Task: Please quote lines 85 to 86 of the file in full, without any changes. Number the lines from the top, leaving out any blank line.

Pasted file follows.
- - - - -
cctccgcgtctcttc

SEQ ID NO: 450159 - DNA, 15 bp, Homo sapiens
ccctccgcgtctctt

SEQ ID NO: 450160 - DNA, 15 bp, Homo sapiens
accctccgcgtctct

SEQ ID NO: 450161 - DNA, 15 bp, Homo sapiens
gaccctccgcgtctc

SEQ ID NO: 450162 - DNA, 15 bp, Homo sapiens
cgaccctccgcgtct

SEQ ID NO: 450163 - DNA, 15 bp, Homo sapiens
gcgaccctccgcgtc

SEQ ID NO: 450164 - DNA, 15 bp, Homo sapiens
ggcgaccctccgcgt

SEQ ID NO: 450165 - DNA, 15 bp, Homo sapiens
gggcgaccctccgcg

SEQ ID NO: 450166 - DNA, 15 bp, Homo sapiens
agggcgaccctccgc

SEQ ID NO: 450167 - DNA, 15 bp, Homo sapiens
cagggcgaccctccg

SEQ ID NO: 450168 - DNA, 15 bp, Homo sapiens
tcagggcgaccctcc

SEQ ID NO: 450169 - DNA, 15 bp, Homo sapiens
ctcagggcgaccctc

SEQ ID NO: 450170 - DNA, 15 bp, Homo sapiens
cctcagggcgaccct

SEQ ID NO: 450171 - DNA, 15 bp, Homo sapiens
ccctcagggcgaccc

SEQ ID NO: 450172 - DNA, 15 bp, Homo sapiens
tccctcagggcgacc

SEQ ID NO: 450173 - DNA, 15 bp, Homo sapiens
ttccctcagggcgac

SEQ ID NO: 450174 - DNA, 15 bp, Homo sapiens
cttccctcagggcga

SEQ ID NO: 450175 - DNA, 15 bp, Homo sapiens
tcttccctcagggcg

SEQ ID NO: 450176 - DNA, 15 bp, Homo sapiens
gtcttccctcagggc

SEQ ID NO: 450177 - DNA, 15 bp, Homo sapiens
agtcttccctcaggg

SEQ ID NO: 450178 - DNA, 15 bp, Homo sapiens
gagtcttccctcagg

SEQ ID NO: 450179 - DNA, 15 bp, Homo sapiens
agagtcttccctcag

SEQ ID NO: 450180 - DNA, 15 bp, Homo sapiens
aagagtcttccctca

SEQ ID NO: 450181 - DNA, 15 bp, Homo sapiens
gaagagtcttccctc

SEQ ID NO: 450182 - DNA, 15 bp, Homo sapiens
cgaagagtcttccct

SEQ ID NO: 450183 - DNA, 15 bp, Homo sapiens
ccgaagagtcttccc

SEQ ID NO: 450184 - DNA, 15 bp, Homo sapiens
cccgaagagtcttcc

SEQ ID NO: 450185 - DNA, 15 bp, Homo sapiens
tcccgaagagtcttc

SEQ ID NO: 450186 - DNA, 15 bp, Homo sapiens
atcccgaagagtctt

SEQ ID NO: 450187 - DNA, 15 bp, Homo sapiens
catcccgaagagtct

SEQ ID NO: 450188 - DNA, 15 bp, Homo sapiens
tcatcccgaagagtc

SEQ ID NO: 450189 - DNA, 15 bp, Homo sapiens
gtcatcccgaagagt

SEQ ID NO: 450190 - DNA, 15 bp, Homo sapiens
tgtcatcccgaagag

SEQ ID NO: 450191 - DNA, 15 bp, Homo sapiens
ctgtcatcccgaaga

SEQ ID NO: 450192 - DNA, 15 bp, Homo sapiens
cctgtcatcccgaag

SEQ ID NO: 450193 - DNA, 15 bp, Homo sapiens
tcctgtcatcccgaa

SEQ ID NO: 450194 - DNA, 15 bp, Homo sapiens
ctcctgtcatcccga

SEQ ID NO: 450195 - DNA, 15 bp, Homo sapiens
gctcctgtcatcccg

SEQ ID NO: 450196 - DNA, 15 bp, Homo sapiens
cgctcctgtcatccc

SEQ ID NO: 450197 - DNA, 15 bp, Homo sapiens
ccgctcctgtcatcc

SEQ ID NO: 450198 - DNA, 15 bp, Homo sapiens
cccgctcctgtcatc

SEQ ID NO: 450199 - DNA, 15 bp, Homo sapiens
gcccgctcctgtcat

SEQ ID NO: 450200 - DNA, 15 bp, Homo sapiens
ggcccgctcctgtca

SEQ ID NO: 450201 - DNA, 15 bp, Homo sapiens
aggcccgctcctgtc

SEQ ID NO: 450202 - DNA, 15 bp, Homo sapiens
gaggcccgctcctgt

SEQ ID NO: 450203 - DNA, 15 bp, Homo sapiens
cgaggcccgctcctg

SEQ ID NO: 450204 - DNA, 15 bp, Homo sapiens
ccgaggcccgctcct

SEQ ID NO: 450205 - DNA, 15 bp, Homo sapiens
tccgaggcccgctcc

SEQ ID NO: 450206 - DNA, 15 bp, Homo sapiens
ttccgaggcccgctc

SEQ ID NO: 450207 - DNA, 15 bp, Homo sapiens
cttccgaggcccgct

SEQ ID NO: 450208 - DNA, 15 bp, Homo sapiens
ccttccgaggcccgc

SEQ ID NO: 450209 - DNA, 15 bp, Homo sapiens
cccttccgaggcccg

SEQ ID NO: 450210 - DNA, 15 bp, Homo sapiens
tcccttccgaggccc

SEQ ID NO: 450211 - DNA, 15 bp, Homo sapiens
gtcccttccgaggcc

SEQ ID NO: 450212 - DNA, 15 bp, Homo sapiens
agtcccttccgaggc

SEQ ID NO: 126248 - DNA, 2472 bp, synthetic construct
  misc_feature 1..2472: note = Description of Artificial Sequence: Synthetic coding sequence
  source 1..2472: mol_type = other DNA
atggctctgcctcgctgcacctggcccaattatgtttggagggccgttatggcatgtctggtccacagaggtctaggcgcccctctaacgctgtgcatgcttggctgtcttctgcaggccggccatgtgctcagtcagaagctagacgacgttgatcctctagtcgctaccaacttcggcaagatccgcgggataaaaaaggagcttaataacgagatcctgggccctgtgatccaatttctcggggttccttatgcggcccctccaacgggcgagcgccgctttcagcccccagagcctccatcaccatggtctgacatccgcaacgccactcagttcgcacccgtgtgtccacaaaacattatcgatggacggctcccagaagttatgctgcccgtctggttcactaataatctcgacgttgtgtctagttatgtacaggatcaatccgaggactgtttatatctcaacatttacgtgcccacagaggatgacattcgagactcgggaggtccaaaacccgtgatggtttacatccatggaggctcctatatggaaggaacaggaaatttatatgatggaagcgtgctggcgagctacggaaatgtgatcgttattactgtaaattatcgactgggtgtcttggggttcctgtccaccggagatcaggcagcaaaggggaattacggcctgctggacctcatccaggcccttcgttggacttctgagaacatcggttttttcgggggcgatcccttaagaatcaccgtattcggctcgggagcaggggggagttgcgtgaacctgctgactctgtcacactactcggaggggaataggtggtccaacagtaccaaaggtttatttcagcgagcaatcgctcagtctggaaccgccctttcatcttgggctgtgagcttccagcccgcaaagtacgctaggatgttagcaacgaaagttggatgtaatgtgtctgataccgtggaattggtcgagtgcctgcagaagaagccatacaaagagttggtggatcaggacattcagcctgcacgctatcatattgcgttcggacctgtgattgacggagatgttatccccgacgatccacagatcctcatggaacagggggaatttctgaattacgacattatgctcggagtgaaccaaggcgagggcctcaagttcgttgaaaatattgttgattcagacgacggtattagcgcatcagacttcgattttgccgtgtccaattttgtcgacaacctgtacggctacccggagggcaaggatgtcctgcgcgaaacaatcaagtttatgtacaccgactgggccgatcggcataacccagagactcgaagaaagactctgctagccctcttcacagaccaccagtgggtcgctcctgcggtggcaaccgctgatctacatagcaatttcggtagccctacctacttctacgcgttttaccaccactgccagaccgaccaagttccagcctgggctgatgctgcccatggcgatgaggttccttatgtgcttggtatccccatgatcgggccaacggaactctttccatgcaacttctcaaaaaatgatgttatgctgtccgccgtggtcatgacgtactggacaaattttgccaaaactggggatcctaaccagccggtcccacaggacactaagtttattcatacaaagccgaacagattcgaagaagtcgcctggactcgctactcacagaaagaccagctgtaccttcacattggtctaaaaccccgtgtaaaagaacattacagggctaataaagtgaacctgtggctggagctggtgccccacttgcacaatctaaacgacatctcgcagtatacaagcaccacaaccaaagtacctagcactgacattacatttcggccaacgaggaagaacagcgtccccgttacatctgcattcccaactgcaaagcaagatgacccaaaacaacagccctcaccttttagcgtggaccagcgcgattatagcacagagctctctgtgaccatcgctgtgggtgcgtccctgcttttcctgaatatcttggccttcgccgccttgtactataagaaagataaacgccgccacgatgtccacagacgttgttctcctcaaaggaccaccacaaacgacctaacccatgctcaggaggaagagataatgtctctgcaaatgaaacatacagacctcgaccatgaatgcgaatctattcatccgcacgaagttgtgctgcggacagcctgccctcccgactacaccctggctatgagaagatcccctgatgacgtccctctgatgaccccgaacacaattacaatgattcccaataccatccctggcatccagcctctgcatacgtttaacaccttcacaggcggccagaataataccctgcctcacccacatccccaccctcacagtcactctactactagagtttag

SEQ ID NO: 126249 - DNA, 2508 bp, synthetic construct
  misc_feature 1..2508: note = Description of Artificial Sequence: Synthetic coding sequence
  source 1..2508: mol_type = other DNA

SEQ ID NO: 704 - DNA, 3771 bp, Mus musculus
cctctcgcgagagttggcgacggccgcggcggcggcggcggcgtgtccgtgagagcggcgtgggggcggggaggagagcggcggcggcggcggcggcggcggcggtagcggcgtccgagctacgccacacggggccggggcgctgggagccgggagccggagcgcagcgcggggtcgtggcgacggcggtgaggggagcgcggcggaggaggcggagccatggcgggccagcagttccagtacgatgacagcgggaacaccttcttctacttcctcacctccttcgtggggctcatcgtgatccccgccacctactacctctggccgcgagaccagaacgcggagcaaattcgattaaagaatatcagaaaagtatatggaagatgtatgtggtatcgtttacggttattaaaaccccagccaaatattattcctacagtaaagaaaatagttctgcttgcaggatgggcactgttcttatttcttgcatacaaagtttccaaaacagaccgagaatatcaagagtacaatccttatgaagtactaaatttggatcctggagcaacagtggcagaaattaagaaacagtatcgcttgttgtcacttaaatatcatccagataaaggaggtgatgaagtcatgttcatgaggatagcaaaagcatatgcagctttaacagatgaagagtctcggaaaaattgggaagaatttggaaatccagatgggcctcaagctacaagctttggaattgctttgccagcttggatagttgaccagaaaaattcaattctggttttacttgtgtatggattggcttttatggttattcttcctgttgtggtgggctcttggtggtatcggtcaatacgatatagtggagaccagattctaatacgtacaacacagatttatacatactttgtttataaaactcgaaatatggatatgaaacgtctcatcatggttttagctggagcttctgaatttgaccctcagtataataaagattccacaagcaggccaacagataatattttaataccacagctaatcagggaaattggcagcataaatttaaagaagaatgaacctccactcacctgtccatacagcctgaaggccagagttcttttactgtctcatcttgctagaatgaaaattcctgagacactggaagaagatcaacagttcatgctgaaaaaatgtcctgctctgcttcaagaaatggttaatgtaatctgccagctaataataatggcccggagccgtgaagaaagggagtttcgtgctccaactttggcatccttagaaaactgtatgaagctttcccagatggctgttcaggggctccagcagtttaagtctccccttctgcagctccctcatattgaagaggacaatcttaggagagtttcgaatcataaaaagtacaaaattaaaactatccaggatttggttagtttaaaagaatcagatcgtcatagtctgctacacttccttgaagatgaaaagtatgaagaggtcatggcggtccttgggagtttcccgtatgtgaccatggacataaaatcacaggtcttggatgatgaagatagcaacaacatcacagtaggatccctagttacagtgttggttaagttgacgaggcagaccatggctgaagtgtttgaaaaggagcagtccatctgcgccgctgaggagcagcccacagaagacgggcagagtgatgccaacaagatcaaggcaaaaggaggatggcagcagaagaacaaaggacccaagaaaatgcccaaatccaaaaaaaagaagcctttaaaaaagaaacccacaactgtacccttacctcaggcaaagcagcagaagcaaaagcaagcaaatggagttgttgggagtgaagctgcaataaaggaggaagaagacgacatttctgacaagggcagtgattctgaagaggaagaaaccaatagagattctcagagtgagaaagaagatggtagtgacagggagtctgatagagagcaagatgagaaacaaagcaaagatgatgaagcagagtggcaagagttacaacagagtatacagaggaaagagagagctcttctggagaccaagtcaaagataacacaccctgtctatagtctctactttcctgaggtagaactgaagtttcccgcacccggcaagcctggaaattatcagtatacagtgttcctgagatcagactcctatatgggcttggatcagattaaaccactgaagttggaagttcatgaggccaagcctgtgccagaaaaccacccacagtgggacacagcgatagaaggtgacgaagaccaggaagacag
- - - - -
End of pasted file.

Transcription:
ggcccgctcctgtca

SEQ ID NO: 450201 - DNA, 15 bp, Homo sapiens